By Louise McLeod
Over 100,000 children are exploited through trafficking and prostitution in the United States each year. Human trafficking of children occurs in all 50 states, D.C. and U.S. territories and is a recognized form of modern slavery. Common examples of child trafficking include commercial sexual exploitation, forced labor and domestic servitude. The average age for a trafficked child is between 12 and 14 but pimps and traffickers prey on children as young as nine years old. Children and youth older than 12 are prime targets for organized crime units. They attract their young targets through social media websites, telephone chat-lines, after-school programs, at shopping malls, bus depots, in clubs or through family, friends and acquaintances. Many children fall into prostitution when they run away or are driven from their homes by abusive or neglectful parents or are already in foster care.
Children who have already been battered and abused by their parents and then their pimps are victimized a second time when they are dragged into court after being arrested on charges such as prostitution, drug possession, loitering, and other prostitution-related offenses, often times treated like criminals. Under U.S. law, traffickers can get life in prison if convicted but are rarely caught. The pimps who buy and sell them are rarely arrested or jailed.
Prosecuting sexually exploited children only re-traumatizes them and makes it much more difficult for them to find a life for themselves off the streets. Juvenile facilities at the state and local level are not equipped to meet the very specific social and emotional needs of sexually exploited youth, two-thirds of whom experience mental health problems and PTSD. What do we do about this situation?
Safe Harbor laws recognize the fact that sexually exploited children need and deserve protection, not prosecution and in many cases provide a range of specialized, community-based programs designed to help children recover from the trauma of sexual exploitation and abuse.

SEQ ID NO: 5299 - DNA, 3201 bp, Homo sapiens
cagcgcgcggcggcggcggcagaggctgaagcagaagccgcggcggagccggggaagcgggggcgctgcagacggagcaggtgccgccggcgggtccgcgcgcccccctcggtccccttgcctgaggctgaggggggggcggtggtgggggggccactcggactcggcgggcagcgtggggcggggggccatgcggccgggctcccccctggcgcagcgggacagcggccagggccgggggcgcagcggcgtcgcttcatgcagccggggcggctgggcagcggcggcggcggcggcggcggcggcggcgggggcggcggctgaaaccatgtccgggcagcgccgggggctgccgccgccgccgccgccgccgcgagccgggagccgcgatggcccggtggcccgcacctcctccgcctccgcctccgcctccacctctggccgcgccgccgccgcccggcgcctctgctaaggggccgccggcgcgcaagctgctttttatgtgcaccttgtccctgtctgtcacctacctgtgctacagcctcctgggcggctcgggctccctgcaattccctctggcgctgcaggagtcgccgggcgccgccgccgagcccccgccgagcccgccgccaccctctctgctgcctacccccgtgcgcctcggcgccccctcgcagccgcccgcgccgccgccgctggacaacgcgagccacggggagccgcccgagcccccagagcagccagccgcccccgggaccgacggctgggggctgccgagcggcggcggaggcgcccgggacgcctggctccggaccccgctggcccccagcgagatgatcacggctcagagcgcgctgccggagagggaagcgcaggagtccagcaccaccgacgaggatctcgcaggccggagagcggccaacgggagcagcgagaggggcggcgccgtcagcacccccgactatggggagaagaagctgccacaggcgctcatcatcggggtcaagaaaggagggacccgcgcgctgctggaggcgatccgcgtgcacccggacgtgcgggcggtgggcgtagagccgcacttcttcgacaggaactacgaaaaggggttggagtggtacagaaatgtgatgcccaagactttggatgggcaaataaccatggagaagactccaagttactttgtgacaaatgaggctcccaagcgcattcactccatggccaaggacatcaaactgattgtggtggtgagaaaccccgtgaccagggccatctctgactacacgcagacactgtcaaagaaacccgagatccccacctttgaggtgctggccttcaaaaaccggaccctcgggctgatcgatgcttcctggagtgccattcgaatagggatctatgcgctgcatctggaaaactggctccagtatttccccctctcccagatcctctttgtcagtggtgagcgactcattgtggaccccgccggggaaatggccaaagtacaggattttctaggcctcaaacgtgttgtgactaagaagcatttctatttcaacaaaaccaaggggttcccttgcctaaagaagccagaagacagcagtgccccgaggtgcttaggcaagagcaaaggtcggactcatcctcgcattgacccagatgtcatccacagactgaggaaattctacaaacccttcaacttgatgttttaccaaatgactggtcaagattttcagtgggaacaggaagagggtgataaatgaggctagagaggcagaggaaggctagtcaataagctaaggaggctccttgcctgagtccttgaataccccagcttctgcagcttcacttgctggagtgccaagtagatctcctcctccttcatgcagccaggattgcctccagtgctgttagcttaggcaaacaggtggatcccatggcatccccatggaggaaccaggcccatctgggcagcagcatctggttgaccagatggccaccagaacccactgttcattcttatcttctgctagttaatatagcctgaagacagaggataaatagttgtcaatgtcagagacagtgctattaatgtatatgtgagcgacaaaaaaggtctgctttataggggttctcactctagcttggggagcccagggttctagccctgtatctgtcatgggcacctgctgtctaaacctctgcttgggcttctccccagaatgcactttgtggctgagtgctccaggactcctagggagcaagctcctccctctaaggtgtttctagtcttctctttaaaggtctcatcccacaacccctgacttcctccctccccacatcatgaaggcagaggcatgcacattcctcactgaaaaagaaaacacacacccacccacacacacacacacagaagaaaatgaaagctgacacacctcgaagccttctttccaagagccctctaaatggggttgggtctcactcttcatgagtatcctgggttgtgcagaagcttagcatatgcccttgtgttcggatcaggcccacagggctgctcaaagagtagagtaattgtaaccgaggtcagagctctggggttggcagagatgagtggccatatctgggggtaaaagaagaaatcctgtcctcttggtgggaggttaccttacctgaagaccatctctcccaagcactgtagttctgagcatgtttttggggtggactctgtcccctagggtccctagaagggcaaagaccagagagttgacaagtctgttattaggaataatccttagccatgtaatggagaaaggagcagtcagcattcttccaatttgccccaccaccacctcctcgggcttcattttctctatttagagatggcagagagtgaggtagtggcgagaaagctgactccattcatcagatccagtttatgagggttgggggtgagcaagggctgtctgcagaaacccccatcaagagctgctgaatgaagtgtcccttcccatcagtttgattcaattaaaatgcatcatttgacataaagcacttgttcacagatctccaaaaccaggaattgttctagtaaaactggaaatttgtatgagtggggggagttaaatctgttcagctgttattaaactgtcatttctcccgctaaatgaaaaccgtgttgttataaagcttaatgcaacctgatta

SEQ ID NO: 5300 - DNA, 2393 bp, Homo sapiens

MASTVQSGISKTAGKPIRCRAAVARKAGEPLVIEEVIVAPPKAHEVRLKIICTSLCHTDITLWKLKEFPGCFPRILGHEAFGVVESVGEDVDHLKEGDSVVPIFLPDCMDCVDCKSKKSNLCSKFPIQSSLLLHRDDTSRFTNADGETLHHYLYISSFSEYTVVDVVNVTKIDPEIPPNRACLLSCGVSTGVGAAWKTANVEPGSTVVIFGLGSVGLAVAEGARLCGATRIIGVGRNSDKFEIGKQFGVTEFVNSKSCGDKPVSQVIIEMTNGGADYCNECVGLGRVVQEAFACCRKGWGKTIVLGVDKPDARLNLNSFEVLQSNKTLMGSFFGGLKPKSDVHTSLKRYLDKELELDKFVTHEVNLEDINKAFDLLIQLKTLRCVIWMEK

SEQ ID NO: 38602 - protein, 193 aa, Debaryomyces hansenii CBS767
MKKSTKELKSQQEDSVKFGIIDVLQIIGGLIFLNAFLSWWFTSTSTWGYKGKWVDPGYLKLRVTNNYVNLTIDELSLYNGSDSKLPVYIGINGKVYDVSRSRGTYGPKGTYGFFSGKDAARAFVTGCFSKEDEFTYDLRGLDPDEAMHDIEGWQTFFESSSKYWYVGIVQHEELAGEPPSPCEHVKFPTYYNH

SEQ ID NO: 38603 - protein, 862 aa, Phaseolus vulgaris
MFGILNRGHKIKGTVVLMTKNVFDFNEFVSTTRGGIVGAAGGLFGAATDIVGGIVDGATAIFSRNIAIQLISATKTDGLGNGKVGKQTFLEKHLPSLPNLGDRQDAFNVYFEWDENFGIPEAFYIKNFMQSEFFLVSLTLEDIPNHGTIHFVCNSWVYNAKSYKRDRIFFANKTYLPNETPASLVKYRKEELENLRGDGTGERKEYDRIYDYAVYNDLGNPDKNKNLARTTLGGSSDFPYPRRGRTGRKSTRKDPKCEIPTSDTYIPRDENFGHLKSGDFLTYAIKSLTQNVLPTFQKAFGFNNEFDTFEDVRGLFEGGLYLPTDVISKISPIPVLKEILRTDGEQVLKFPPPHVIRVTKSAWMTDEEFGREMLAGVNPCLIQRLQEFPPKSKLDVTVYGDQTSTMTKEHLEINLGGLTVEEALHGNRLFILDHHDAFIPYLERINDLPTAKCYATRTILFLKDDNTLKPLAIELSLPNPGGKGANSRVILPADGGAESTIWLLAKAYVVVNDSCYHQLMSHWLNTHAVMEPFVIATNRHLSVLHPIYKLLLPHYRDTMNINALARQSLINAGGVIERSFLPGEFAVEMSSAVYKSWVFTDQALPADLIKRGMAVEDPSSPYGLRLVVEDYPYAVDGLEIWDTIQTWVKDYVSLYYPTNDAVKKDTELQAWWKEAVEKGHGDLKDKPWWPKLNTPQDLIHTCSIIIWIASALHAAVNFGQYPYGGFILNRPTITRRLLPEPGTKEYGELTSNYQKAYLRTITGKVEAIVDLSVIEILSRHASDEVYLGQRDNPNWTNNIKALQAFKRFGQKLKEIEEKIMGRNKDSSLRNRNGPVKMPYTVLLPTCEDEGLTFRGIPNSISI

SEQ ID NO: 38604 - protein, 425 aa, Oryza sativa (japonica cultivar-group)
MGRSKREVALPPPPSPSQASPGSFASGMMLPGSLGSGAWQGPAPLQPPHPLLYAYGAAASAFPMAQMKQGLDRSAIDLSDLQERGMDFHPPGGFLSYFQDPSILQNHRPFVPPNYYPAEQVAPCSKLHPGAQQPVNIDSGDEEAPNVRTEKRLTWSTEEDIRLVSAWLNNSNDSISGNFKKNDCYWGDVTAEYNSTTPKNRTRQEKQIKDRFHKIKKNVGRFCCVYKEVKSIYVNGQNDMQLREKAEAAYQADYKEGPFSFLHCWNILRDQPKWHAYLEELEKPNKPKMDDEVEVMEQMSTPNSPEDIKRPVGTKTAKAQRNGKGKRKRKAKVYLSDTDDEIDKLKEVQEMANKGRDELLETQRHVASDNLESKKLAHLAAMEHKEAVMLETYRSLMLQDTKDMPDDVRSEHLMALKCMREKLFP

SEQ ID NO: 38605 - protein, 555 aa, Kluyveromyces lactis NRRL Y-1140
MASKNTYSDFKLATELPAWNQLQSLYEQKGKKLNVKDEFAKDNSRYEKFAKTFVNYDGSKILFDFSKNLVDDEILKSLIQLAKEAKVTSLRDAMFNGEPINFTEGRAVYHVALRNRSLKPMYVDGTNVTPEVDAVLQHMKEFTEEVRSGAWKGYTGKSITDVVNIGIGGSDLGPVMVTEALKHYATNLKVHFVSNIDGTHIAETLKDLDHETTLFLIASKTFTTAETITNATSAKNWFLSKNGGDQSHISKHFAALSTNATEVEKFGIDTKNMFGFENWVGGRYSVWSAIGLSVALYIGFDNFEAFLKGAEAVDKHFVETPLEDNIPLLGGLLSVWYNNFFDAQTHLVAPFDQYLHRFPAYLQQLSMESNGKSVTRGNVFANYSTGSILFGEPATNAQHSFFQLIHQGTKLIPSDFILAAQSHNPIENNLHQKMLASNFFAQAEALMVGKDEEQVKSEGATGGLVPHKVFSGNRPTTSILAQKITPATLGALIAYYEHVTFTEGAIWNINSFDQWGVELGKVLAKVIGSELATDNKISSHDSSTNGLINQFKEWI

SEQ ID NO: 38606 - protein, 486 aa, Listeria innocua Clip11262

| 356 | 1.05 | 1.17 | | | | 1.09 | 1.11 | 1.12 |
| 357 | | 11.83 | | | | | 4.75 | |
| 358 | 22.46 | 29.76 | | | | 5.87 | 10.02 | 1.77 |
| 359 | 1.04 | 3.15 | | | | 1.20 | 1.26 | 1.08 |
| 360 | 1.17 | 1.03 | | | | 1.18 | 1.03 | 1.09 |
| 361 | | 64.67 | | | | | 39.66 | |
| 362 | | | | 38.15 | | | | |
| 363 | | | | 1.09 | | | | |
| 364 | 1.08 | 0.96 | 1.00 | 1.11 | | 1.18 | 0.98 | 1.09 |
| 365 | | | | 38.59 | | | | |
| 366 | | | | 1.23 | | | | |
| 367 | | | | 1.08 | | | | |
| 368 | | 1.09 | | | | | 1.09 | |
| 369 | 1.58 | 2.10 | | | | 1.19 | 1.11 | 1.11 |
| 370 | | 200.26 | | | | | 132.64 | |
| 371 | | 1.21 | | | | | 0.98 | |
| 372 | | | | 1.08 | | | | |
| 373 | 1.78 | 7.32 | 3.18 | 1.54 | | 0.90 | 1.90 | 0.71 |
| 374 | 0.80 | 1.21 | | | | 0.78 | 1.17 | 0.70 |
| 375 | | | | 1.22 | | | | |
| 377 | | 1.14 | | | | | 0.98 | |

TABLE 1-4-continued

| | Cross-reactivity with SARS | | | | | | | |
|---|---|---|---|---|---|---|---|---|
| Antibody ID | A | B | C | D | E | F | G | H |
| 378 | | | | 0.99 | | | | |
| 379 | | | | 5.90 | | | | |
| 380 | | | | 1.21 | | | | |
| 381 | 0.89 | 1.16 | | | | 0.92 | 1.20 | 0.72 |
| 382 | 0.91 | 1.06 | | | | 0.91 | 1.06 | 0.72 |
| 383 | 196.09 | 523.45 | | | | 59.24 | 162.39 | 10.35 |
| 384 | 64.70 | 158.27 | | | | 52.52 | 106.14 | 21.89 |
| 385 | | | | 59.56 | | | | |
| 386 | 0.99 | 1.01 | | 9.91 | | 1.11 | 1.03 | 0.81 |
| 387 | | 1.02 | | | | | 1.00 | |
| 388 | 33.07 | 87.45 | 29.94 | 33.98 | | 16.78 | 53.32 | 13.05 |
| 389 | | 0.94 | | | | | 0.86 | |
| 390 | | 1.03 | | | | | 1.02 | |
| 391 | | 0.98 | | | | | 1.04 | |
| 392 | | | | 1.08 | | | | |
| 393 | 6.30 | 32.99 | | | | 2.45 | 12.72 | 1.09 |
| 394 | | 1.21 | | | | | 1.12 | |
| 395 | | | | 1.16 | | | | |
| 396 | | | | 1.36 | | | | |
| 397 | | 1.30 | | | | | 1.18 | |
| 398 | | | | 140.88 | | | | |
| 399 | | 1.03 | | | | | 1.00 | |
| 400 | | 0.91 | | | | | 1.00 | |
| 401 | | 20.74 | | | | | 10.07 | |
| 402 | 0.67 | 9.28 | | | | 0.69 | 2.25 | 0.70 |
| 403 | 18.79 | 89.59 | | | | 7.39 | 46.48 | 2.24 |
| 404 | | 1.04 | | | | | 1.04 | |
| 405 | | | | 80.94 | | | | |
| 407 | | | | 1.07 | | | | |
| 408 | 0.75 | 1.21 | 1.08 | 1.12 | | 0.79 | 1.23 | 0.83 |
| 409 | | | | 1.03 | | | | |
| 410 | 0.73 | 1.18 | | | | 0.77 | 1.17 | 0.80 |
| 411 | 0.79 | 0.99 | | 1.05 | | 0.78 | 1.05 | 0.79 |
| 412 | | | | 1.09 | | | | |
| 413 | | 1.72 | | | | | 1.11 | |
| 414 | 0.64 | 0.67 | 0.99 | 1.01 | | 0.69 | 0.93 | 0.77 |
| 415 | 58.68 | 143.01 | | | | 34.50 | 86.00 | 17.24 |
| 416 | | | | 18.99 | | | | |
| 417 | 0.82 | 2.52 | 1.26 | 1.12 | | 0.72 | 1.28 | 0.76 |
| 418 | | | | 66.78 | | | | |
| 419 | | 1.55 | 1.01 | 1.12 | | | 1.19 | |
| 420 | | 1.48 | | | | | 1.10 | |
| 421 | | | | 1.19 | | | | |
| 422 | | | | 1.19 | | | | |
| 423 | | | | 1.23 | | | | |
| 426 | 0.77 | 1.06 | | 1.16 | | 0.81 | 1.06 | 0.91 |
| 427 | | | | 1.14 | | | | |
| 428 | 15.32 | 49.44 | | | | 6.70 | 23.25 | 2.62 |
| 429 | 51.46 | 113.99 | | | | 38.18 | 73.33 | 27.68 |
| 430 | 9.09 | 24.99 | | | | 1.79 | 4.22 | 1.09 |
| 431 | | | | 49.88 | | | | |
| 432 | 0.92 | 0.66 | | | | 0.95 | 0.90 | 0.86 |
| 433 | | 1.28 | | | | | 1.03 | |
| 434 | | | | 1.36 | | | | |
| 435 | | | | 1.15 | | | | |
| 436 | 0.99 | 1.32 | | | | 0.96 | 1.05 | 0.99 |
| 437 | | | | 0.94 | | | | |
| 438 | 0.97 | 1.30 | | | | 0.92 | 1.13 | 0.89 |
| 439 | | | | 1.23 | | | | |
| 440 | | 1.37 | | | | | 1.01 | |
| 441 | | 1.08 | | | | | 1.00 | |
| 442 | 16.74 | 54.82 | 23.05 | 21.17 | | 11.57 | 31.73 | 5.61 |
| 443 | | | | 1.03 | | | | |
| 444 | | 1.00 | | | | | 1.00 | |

At the moment, Pennsylvania does not have Safe Harbor legislation. Senate Bill 851 under the sponsorship of State Senator Stewart Greenleaf, currently in Appropriations, is:
An Act amending Titles 18 (Crimes and Offenses) and 42 (Judiciary and Judicial Procedure) of the Pennsylvania Consolidated Statutes, in human trafficking, further providing for definitions; repealing provisions relating to appropriate implementation for minor victims of human trafficking; providing for special relief to restore victim’s dignity and autonomy; adding provisions relating to safe harbor for sexually exploited children by imposing duties on law enforcement officers and the Department of Human Services and establishing the Safe Harbor for Sexually Exploited Children Fund; in public indecency, further providing for the offense of prostitution and related offenses; and, in juvenile matters, further providing for definitions.
It is vitally important that we do the right thing by these exploited children and help law enforcement target the traffickers and pimps who are the real criminals.
Bill 851 will impose a duty on law enforcement officers to report to the Department of Human Services any encounter with a person under the age of 18 who has been subject to sexual exploitation while also developing and implementing a statewide protocol to deliver safe long-term housing, education and life-skills training, and counseling to the children who have been exploited and divert them from the criminal justice system to more appropriate human services.
Sponsors: GREENLEAF, LEACH, DINNIMAN, TEPLITZ, FONTANA, PILEGGI, TARTAGLIONE, COSTA, RAFFERTY, SCHWANK, YUDICHAK, AUMENT, MENSCH, BREWSTER, BLAKE, WILLIAMS, BARTOLOTTA, FARNESE, SABATINA, BAKER, YAW, BROWNE, VOGEL and SCAVELLO
Let’s get this one done. Our children and youth deserve it.